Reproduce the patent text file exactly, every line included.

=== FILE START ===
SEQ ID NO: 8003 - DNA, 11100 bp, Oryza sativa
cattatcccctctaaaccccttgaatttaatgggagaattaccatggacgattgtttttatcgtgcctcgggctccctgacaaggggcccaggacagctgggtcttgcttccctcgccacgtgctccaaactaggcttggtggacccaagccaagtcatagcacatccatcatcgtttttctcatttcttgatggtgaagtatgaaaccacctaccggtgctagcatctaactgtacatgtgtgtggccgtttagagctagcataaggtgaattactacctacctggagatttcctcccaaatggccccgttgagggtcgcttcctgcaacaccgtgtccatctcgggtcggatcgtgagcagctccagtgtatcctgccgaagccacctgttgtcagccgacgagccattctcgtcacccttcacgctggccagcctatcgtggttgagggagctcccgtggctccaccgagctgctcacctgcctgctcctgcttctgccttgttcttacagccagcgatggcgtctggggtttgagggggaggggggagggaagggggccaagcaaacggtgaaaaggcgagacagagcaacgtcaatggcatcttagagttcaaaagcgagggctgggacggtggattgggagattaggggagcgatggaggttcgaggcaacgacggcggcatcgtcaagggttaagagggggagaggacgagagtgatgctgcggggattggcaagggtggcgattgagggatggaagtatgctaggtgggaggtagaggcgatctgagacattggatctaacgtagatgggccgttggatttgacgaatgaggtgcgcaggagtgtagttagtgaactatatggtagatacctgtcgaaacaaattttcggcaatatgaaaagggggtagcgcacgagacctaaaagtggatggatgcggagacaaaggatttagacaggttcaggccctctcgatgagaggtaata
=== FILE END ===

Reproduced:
SEQ ID NO: 8003 - DNA, 11100 bp, Oryza sativa
cattatcccctctaaaccccttgaatttaatgggagaattaccatggacgattgtttttatcgtgcctcgggctccctgacaaggggcccaggacagctgggtcttgcttccctcgccacgtgctccaaactaggcttggtggacccaagccaagtcatagcacatccatcatcgtttttctcatttcttgatggtgaagtatgaaaccacctaccggtgctagcatctaactgtacatgtgtgtggccgtttagagctagcataaggtgaattactacctacctggagatttcctcccaaatggccccgttgagggtcgcttcctgcaacaccgtgtccatctcgggtcggatcgtgagcagctccagtgtatcctgccgaagccacctgttgtcagccgacgagccattctcgtcacccttcacgctggccagcctatcgtggttgagggagctcccgtggctccaccgagctgctcacctgcctgctcctgcttctgccttgttcttacagccagcgatggcgtctggggtttgagggggaggggggagggaagggggccaagcaaacggtgaaaaggcgagacagagcaacgtcaatggcatcttagagttcaaaagcgagggctgggacggtggattgggagattaggggagcgatggaggttcgaggcaacgacggcggcatcgtcaagggttaagagggggagaggacgagagtgatgctgcggggattggcaagggtggcgattgagggatggaagtatgctaggtgggaggtagaggcgatctgagacattggatctaacgtagatgggccgttggatttgacgaatgaggtgcgcaggagtgtagttagtgaactatatggtagatacctgtcgaaacaaattttcggcaatatgaaaagggggtagcgcacgagacctaaaagtggatggatgcggagacaaaggatttagacaggttcaggccctctcgatgagaggtaata